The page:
More than 1,200 construction workers walked off the job last Saturday at a $24 billion water desalination plant being built in Wonthaggi, Victoria, 140 kilometres from Melbourne, only to immediately be faced with massive fines under the Gillard government’s anti-strike laws.
The day-long strike was the latest in a series of conflicts between the site’s workers and project management following revelations last November that the company had paid a notorious scab labour force organiser $500,000 to spy on them and prepare a strike-breaking workforce.
Several hundred night shift workers walked off the job on Friday night after hearing that a site manager had abused and physically assaulted a scaffolder in a dispute over car parking. They returned to work, but a mass meeting on Saturday voted to take further strike action over the incident.
Parking at the site, the state of Victoria’s largest infrastructure project, has become the latest flashpoint for growing hostility between the workers and the employer, Thiess Degremont. Traffic jams have clogged the road leading from the project and security officers have been placing stickers on cars, claiming they are wrongly parked.
Thiess Degremont immediately obtained a return-to-work order from the Labor government’s industrial tribunal, Fair Work Australia (FWA), on the grounds that the strike was unlawful. Under Labor’s legislation, like the previous Howard government’s “Work Choices” laws, all industrial action is illegal, unless it occurs during a limited “enterprise bargaining” period. Section 418 of Labor’s Fair Work Act instructs FWA to order a stop to any “unprotected” industrial action. Breaches of these orders can lead to crippling fines.
The stoppage is also now subject to an investigation by the draconian Australian Building and Construction Commission (ABCC), which means that workers potentially face individual fines of tens of thousands of dollars, or even jail. Originally created by the Howard government, the ABCC has been retained by Labor, with Prime Minister Julia Gillard stating her determination to keep a “strong cop on the beat” in the building industry. The ABCC can interrogate workers, subpoena internal documents and threaten imprisonment for anyone who refuses to cooperate.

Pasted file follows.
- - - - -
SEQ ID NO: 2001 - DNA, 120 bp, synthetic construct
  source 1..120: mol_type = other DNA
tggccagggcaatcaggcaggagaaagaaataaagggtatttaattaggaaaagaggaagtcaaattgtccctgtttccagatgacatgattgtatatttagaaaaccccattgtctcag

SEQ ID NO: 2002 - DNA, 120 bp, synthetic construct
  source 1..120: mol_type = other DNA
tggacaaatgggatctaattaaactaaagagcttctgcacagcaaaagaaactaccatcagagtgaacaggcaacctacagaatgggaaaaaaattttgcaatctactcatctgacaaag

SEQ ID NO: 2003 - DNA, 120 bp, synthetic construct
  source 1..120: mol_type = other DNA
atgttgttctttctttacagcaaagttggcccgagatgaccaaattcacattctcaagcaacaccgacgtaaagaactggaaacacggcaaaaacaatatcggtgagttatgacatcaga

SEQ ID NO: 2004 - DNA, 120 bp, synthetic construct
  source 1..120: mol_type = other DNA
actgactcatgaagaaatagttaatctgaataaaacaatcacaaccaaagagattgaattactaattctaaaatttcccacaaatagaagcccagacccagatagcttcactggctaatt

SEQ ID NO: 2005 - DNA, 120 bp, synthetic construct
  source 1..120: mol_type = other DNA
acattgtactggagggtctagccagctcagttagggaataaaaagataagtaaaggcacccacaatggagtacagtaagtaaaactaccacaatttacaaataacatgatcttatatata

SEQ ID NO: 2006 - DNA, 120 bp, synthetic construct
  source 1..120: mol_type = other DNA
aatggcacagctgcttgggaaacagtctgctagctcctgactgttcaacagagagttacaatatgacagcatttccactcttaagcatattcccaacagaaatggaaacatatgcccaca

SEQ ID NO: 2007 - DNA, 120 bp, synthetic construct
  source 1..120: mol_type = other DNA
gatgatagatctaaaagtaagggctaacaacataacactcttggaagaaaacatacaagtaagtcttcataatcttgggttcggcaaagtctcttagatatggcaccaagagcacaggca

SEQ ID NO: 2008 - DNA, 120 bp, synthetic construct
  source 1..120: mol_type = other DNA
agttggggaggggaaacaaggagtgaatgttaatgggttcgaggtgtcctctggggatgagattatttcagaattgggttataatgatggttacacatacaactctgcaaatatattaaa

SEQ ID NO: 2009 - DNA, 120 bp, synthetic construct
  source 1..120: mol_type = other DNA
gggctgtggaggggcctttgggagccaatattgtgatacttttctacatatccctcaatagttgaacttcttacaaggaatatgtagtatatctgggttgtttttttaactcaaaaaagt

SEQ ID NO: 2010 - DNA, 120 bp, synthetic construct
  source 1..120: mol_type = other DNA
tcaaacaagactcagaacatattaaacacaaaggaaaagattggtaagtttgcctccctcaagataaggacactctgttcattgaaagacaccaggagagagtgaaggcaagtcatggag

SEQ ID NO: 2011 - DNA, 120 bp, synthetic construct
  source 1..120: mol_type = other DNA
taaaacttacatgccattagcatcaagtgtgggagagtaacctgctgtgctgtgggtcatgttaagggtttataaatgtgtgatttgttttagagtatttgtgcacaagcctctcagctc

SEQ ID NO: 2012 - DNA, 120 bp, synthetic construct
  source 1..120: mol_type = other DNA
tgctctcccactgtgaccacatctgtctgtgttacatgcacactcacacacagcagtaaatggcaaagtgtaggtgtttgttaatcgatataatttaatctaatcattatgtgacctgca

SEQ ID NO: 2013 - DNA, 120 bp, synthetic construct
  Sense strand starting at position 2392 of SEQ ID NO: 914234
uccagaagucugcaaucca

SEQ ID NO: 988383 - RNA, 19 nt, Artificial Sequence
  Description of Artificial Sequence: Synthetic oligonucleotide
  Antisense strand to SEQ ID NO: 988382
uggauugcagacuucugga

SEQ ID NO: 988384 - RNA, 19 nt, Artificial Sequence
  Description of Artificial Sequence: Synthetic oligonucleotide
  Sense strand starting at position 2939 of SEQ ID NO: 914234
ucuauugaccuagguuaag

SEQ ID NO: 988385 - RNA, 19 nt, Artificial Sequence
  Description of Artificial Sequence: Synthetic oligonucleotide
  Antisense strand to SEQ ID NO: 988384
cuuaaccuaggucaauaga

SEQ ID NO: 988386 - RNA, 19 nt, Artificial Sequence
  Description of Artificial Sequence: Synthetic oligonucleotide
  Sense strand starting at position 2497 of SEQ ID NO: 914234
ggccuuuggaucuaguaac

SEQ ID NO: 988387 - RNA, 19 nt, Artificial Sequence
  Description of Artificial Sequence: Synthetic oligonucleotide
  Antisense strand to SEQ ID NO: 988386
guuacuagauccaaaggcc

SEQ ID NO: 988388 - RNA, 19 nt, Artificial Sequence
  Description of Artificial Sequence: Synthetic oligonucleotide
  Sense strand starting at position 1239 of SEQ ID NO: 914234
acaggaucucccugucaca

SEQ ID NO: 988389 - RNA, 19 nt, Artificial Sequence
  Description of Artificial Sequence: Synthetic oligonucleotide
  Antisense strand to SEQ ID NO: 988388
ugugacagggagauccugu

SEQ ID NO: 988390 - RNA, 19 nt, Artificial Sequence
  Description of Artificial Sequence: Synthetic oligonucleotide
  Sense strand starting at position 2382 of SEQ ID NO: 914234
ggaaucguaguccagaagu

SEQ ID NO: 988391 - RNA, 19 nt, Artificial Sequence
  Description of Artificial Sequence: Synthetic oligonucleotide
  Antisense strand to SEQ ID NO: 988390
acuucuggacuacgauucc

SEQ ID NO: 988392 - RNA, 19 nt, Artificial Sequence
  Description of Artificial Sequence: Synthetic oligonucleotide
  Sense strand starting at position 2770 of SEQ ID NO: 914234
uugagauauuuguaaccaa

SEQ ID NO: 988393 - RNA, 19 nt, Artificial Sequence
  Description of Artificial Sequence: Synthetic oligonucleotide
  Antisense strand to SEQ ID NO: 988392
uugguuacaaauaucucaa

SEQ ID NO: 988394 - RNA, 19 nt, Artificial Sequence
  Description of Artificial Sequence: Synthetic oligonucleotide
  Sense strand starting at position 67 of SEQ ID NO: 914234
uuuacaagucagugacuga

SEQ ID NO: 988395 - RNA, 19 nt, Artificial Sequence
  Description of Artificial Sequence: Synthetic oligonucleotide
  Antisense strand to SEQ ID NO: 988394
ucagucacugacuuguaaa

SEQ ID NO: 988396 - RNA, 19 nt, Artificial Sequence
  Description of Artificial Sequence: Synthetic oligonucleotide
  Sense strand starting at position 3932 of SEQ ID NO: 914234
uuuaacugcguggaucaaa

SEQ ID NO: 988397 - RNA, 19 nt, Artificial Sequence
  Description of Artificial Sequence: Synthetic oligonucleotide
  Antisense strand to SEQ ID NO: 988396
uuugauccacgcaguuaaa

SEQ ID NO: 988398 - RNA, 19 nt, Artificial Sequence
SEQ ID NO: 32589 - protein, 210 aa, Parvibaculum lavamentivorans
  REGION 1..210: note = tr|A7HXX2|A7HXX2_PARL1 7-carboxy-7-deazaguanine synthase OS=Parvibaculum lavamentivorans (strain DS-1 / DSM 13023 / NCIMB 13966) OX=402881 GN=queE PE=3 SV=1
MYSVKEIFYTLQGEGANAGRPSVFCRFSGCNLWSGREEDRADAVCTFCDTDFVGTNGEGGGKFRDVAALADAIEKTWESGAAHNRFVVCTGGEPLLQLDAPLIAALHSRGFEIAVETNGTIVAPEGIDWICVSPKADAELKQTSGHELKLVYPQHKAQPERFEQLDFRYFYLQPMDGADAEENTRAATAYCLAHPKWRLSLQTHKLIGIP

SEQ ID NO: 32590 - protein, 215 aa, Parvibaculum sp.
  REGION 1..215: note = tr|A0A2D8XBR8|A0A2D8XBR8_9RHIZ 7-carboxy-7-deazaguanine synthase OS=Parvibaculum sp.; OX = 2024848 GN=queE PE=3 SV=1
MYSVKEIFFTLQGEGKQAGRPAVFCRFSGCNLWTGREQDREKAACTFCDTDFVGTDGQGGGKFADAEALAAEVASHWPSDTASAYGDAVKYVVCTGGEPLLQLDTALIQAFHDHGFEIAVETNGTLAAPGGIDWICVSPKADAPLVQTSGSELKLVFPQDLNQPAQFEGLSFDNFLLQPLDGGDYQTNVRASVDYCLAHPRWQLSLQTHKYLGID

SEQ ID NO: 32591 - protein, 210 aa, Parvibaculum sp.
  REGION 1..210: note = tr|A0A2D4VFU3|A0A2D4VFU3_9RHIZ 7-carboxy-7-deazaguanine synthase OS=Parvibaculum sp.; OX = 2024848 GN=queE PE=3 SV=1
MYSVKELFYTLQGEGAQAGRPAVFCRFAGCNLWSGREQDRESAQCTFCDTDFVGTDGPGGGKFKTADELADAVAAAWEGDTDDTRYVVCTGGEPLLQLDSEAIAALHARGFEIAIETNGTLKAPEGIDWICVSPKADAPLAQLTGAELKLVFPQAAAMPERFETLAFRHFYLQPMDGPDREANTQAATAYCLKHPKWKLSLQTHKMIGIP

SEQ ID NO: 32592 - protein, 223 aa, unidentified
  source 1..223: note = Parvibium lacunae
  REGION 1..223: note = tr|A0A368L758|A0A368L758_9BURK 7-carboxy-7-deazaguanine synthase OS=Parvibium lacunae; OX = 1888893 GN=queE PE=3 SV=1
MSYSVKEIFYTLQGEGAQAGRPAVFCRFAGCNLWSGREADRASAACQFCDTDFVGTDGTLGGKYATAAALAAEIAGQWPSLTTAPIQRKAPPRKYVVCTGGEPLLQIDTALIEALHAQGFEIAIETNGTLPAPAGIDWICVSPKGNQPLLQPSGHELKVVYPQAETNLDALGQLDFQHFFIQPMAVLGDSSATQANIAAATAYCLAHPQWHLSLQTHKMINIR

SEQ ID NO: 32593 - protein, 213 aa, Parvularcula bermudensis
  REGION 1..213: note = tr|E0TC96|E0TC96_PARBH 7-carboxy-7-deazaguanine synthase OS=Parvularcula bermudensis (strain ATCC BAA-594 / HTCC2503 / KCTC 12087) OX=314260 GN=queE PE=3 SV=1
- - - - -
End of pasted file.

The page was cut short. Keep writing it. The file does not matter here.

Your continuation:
Although the strikers ended their action in the face of the FWA order, tensions are mounting at the site. On Saturday, a worker told the Melbourne Herald Sun that there were likely to be calls for the manager to be stood down from his position. “No one can believe what happened, but when it’s one of the bosses who’s done it, it’s a hell of a lot worse,” he said. “Some blokes are pretty p—d off that anyone went back to work at all.”
In addition, workers have reportedly been docked four hours’ wages. Beneath the growing anger lie longstanding issues such as workplace safety, the treatment of trade union shop stewards and the proper payment of wages.
Saturday’s stoppage was the second in recent weeks. On February 21, a strike erupted when a middle manager issued a health and safety delegate with a first and final warning over an incident at the plant. Such a warning is the final step before dismissal.
Earlier, there were allegations that a senior Thiess Degremont supervisor had been selling construction jobs at the site for about $2,000 each, so that many skilled construction workers had been unable to obtain jobs at the project.
Last November’s strike was precipitated by revelations of a “Project Pluto” surveillance operation, in which Bruce Townsend was employed to spy on the workforce and prepare a scab labour force. Thiess Degremont absurdly claimed that senior management had known nothing about the strike-breaking operation.
Workers initially refused to end the strike when the main unions on the site, the Construction, Forestry and Mining and Energy Union (CFMEU) and Australian Manufacturing Workers Union (AMWU), declared that they were satisfied with a so-called company investigation, which reported that no serious privacy breaches had occurred. At a mass meeting, angry workers heckled union officials.